Hubble's Tale of Two Exoplanets: Nature vs. Nurture
Astronomers once thought that the family of planets that orbit our sun were typical of what would eventually be found around other stars: a grouping of small rocky planets like Earth huddled close to their parent star, and an outer family of monstrous gaseous planets like Jupiter and Saturn.
But ever since the discovery of the first planet around another star (or exoplanet) the universe looks a bit more complicated — if not downright capricious. There is an entire class of exoplanets called "hot Jupiters." They formed like Jupiter did, in the frigid outer reaches of their planetary system, but then changed Zip code! They migrated inward to be so close to their star that temperatures are well over 1,000 degrees Fahrenheit.
Astronomers would like to understand the weather on these hot Jupiters and must tease out atmospheric conditions by analyzing how starlight filters through a planet's atmosphere. If the spectral fingerprint of water can be found, then astronomers conclude the planet must have relatively clear skies that lets them see deep into the atmosphere. If the spectrum doesn't have any such telltale fingerprints, then the planet is bland-looking with a high cloud deck.
Knowing the atmospheres on these distant worlds yields clues to how they formed and evolved around their parent star. In a unique experiment, astronomers aimed the Hubble Space Telescope at two "cousin" hot Jupiters that are similar in several respects. However, the researchers were surprised to learn that one planet is very cloudy, and the other has clear skies.
Is it a case of nature versus nurture when it comes to two "cousin" exoplanets? In a unique experiment, scientists used NASA's Hubble Space Telescope to study two "hot Jupiter" exoplanets. Because these planets are virtually the same size and temperature, and orbit around nearly identical stars at the same distance, the team hypothesized that their atmospheres should be alike. What they found surprised them.
Lead researcher Giovanni Bruno of the Space Telescope Science Institute in Baltimore, Maryland, explained, "What we're seeing in looking at the two atmospheres is that they're not the same. One planet—WASP-67 b—is cloudier than the other—HAT-P-38 b. We don't see what we're expecting, and we need to understand why we find this difference."
The team used Hubble's Wide Field Camera 3 to look at the planets' spectral fingerprints, which measure chemical composition. "The effect that clouds have on the spectral signature of water allows us to measure the amount of clouds in the atmosphere," Bruno said. "More clouds mean that the water feature is reduced." The teams found that for WASP-67 b there are more clouds at the altitudes probed by these measurements.
"This tells us that there had to be something in their past that is changing the way these planets look," said Bruno.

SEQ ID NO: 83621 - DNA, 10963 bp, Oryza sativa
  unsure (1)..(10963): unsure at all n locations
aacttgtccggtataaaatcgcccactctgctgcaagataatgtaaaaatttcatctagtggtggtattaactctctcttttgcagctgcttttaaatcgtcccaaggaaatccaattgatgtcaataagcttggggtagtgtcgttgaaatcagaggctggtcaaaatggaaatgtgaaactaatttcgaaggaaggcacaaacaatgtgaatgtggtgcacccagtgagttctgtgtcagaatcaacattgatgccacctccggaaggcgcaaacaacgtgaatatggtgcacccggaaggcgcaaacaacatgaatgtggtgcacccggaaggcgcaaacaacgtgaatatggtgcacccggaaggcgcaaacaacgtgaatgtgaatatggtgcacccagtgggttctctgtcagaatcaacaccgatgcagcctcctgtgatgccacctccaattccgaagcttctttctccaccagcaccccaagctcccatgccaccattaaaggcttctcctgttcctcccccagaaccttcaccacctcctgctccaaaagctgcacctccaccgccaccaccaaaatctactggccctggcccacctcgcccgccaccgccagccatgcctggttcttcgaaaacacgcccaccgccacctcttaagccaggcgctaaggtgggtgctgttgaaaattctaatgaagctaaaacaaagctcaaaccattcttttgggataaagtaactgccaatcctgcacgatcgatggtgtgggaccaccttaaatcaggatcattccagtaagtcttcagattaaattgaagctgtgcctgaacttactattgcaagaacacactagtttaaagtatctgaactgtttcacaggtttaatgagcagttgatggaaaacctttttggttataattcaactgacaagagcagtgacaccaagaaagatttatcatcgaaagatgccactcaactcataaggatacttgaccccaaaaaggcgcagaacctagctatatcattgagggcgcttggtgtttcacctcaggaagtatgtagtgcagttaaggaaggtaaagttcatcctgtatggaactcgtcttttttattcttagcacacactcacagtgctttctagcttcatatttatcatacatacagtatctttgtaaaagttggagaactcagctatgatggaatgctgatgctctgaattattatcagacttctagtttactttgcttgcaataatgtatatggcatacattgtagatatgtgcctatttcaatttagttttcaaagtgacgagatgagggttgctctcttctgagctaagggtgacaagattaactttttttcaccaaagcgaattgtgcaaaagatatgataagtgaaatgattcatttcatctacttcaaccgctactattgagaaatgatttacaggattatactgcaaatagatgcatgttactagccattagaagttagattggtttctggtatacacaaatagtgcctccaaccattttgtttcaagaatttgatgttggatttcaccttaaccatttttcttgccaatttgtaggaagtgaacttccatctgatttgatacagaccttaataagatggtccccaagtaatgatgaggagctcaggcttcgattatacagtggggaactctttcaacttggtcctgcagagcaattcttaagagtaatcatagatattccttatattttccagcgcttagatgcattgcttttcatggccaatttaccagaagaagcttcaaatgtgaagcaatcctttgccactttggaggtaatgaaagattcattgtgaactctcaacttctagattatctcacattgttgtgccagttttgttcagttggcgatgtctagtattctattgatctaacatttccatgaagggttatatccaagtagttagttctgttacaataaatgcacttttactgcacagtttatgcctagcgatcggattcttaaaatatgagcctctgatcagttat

Today the planets whirl around their yellow dwarf stars once every 4.5 Earth days, tightly orbiting their stars closer than Mercury orbits our sun. But in the past, the planets probably migrated inward toward the star from the locations where they formed.
Perhaps one planet formed differently than the other, under a different set of circumstances. "You can say it's nature versus nurture," explains co-investigator Kevin Stevenson. "Right now, they appear to have the same physical properties. So, if their measured composition is defined by their current state, then it should be the same for both planets. But that's not the case. Instead, it looks like their formation histories could be playing an important role."
The clouds on these hot, Jupiter-like gas giants are nothing like those on Earth. Instead, they are probably alkali clouds, composed of molecules such as sodium sulfide and potassium chloride. The average temperature on each planet is more than 1,300 degrees Fahrenheit.
The exoplanets are tidally locked, with the same side always facing the parent star. This means they have a very hot day-side and a cooler night-side. Instead of sporting multiple cloud bands like Jupiter does, each probably has just one broad equatorial band that slowly moves the heat around from the day-side to the night-side.
The team is just beginning to learn what factors are important in making some exoplanets cloudy and some clear. To better understand what the planets' pasts may have been, scientists will need future observations with Hubble and the soon-to-be-launched James Webb Space Telescope.
The team's results were presented on June 5 at the 230th meeting of the American Astronomical Society in Austin, Texas.
The Hubble Space Telescope is a project of international cooperation between NASA and ESA (European Space Agency). NASA's Goddard Space Flight Center in Greenbelt, Maryland, manages the telescope. The Space Telescope Science Institute (STScI) in Baltimore conducts Hubble science operations. STScI is operated for NASA by the Association of Universities for Research in Astronomy, Inc., in Washington, D.C.